In a recent decision[1], the Technology and Construction Court ruled that an adjudicator’s failure to disclose his involvement in a separate, simultaneous adjudication, involving the same project and one of the parties, amounted to a material breach of the rules of natural justice.

The rules of natural justice give every party the right to a fair hearing and the right to be heard by an impartial tribunal.

A tale of caution

Vinci Construction UK Limited (Vinci) was appointed by Gatwick Airport Limited as the main contractor to carry out works at the airport’s south terminal.  Vinci in turn appointed Beumer Group UK Limited (Beumer) as its sub-contractor for works in respect of the baggage handling systems.  Beumer also had a sub-sub-contractor, Daifuku Logan Ltd (Logan) for works to the Tilt Tray Sorter for the baggage system.

Both the main and sub-contracts were based on the NEC3 Engineering and Construction Contract, Option A.  Disputes were to be resolved under Option W2 and Dr Cyril Chern was nominated as one of three potential adjudicators in both the main contract and the sub-contract.

Vinci issued three instructions to Beumer and a dispute arose between Beumer and Vinci on whether they were Compensation Events under the NEC3 Sub-Contract they had entered into. Beumer referred the dispute to Dr Chern, who decided that the three instructions were Compensation Events and made declarations to that effect.

On the same day that Beumer commenced an adjudication against Vinci, Beumer also commenced a second adjudication against Logan – before Dr Chern.  Both adjudications contained similar issues, including Logan’s failure to complete works by particular dates and Beumer’s claim (against Logan) for liquidated damages for delay.

Vinci did not know there was a simultaneous adjudication between Beumer and Logan, or that it was also before Dr Chern.  Following the adjudicator’s decision, Vinci failed to reimburse the adjudicator’s fees, so Beumer commenced enforcement proceedings at court.  Vinci challenged the enforcement, arguing that there was a breach of the rules of natural justice.

Vinci contended that by reason of his involvement in the simultaneous adjudication between Beumer and Logan, Dr Chern had acquired background knowledge on the subject matter of the adjudication between Vinci and Beumer. As Vinci did not know about this adjudication, it could not consider the additional information and make submissions on it.

Vinci also argued that Beumer had put forward factually inconsistent cases in the simultaneous adjudications. In its adjudication with Vinci, Beumer argued that an important date for completion, the ‘Airport Operational Readiness’ (AOR) date was achieved by 16 December 2015, but in its adjudication with Logan, argued that the AOR date was not achieved until at least 12 April 2016.

The judge ruled that the adjudicator had breached the rules of natural justice and refused to enforce the adjudicator’s decision.  The judge found that the breach was material and took a dim view of Beumer’s advancement of two different factual cases.

The Court held that Vinci should have been informed about the adjudication between Beumer and Logan and should have been provided with the material from that adjudication, as the disputes involved the same issues.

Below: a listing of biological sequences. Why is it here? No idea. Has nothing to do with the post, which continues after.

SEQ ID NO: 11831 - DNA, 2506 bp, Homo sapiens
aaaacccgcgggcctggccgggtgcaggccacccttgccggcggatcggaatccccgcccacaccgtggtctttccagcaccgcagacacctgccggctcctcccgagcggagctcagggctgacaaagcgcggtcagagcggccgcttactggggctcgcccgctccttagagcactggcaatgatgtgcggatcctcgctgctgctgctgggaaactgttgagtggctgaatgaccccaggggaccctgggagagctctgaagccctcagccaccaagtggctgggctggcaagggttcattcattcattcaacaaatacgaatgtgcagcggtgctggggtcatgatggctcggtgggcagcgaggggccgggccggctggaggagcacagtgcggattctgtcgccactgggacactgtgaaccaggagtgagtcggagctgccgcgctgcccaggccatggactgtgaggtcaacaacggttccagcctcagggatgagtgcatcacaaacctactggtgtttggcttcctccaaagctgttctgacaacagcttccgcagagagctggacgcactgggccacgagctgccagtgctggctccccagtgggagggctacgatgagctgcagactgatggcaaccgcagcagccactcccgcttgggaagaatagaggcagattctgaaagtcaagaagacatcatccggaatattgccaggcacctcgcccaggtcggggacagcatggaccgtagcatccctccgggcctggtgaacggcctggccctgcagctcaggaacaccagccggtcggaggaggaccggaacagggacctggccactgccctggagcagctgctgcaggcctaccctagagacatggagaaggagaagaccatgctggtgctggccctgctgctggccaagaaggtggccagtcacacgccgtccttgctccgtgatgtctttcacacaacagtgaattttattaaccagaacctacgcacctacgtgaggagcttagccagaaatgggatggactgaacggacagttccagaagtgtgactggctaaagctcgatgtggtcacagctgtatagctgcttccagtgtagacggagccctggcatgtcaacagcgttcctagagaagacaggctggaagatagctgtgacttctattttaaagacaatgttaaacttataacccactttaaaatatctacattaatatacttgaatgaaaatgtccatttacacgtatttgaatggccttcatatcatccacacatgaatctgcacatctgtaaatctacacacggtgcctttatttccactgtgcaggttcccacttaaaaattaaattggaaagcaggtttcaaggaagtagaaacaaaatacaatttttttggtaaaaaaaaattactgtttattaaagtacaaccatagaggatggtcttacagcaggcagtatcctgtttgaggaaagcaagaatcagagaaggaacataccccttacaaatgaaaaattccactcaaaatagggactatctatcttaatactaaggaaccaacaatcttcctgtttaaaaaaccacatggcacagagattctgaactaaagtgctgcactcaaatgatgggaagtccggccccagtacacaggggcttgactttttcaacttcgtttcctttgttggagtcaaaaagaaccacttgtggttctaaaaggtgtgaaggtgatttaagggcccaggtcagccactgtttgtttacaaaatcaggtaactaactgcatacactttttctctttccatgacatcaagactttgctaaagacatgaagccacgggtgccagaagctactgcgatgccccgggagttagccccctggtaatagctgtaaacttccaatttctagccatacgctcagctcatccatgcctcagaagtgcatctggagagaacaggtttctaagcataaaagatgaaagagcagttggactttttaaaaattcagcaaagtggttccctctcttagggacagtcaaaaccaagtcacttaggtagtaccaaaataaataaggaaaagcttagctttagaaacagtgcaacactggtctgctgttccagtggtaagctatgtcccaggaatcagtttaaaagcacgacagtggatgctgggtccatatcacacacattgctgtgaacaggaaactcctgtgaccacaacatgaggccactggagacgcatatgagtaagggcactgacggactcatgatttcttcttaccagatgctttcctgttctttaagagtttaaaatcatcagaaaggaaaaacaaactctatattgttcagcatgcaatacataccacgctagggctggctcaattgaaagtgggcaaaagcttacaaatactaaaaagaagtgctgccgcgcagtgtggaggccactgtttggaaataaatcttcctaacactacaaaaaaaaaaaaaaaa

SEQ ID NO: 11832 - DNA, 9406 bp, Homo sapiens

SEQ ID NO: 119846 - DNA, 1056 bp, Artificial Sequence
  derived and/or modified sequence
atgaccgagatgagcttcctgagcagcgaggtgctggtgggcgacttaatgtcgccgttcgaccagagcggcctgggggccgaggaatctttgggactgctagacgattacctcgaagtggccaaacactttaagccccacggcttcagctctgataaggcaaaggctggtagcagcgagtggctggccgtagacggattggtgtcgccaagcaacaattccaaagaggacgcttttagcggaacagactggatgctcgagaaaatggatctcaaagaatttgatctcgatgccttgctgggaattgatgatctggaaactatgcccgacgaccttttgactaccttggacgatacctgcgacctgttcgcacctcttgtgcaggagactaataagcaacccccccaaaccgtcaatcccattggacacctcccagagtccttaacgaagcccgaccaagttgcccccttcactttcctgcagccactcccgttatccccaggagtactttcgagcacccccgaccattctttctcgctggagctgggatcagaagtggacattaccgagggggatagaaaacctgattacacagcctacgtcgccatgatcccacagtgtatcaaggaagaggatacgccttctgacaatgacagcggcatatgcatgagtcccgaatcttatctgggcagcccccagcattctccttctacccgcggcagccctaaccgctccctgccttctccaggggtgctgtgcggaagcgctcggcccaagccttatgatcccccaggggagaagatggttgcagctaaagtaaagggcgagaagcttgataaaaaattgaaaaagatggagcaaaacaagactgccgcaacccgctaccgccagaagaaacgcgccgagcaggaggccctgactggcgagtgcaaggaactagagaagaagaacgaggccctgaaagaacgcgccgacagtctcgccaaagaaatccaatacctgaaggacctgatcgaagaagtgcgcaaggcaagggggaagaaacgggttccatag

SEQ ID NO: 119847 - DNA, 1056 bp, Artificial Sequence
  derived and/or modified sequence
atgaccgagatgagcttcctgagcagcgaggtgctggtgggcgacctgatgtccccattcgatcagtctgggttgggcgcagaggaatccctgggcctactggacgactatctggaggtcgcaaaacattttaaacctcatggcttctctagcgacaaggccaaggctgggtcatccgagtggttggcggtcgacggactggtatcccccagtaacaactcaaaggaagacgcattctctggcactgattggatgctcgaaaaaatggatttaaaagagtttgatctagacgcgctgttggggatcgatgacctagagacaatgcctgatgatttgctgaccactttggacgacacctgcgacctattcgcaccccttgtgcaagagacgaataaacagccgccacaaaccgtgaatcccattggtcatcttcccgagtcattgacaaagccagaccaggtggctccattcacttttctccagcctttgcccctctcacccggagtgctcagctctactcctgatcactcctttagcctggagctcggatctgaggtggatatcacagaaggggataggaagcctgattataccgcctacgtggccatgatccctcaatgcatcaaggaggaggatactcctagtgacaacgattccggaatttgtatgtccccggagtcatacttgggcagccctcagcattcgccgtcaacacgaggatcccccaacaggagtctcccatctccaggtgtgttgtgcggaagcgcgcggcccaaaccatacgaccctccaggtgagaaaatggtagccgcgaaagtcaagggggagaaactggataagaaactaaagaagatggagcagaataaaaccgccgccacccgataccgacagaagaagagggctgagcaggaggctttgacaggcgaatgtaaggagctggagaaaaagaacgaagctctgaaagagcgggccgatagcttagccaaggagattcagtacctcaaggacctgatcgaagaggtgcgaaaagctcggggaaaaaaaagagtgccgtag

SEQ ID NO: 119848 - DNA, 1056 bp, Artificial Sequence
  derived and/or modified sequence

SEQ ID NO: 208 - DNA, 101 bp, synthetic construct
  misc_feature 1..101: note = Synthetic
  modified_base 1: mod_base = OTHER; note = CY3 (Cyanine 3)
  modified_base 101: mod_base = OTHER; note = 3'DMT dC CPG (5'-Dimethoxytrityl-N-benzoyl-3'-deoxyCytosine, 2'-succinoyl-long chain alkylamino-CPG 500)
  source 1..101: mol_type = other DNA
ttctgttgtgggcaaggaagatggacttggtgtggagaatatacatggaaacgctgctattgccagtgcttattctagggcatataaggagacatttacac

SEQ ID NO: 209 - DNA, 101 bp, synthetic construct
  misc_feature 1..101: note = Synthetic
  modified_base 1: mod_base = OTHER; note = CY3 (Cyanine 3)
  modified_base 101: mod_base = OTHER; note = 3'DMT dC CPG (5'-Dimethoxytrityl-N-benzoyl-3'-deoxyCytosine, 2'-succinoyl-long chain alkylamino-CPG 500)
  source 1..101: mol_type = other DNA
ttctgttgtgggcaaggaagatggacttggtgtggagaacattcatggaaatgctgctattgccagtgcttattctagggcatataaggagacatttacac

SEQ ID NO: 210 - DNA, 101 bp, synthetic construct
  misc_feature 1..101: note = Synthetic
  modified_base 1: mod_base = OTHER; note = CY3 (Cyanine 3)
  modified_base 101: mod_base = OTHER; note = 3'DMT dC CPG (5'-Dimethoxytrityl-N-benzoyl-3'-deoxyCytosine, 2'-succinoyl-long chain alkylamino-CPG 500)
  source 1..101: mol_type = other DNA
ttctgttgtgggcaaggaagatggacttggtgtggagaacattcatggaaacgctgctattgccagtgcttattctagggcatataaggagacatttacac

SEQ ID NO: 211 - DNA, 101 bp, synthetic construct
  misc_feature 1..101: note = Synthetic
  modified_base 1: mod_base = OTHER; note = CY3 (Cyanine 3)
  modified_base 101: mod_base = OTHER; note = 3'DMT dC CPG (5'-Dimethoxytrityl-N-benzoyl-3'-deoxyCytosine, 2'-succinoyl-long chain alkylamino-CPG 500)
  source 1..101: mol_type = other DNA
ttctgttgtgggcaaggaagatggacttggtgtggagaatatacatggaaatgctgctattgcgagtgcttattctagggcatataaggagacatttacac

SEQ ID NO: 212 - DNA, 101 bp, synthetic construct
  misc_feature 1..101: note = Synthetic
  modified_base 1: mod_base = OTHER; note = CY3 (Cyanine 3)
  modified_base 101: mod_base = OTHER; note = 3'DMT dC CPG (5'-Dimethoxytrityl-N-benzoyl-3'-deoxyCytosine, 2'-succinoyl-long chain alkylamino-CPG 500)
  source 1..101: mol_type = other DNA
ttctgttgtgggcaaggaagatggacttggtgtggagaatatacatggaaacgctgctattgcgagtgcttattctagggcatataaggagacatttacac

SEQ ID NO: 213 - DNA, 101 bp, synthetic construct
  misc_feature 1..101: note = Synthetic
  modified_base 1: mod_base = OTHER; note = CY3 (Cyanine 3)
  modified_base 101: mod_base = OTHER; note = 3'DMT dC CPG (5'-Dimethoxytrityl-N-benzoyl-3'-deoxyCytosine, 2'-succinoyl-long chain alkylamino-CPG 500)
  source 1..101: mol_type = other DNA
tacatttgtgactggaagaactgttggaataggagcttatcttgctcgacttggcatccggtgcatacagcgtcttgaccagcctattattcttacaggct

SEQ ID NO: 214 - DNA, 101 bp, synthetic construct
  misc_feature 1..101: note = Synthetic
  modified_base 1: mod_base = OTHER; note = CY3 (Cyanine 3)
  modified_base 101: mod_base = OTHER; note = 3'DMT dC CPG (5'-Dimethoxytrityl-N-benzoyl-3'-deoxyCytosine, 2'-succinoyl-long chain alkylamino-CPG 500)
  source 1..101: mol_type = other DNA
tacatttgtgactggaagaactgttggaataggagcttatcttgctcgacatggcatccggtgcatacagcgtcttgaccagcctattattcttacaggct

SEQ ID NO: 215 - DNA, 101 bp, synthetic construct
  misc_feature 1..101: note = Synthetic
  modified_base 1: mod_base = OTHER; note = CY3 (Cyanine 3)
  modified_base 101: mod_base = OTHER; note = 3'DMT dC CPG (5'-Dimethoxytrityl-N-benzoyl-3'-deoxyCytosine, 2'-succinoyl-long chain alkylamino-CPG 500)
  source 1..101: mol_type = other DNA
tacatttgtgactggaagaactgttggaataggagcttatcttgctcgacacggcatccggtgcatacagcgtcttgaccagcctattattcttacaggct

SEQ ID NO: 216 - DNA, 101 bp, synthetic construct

The Court also held that the adjudicator should have disclosed his involvement in the separate adjudication to Vinci at the earliest opportunity and had he done so, Vinci would have been able to make submissions on the material from the simultaneous adjudication.

The advantages of using Project Adjudicators

The use of project adjudicators can be advantageous to all parties – having the same adjudicator or a narrow panel of adjudicators appointed under the contracts can create a more streamlined dispute resolution process.

The decision maker can, in theory, deal with multiple disputes at once, benefitting from increased knowledge of the project in the round.  The parties to the disputes can also rely on evidence put forward in separate, but relevant adjudication proceedings.

The theoretical benefits of project adjudicators can only become a practical reality if the adjudicator follows the rules of natural justice and safely avoids accusations of real or apparent bias.


Whilst the Court emphasised that the adjudicator had considered the parties’ submissions with evident care and produced a detailed and thorough decision, his decision could ultimately not be enforced against Vinci, by reason of his failure to disclose his involvement in the simultaneous adjudication between Beumer and Logan.

The Court’s decision serves as an important reminder of an adjudicator’s need to disclose involvement in proceedings involving the same parties. If parties to adjudication become aware that multiple adjudications are taking place on the same construction project and dealing with similar issues seeking to obtain the materials relied upon in, simultaneous adjudications may prove invaluable in determining the merits of their own claims.

This blog post was edited by Mark Lennon. For more information, email


[1] Beumer Group UK Ltd v Vinci Construction UK Ltd [2016] EWHC 2283 (TCC)

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This blog is intended only as a synopsis of certain recent developments. If any matter referred to in this blog is sought to be relied upon, further advice should be obtained.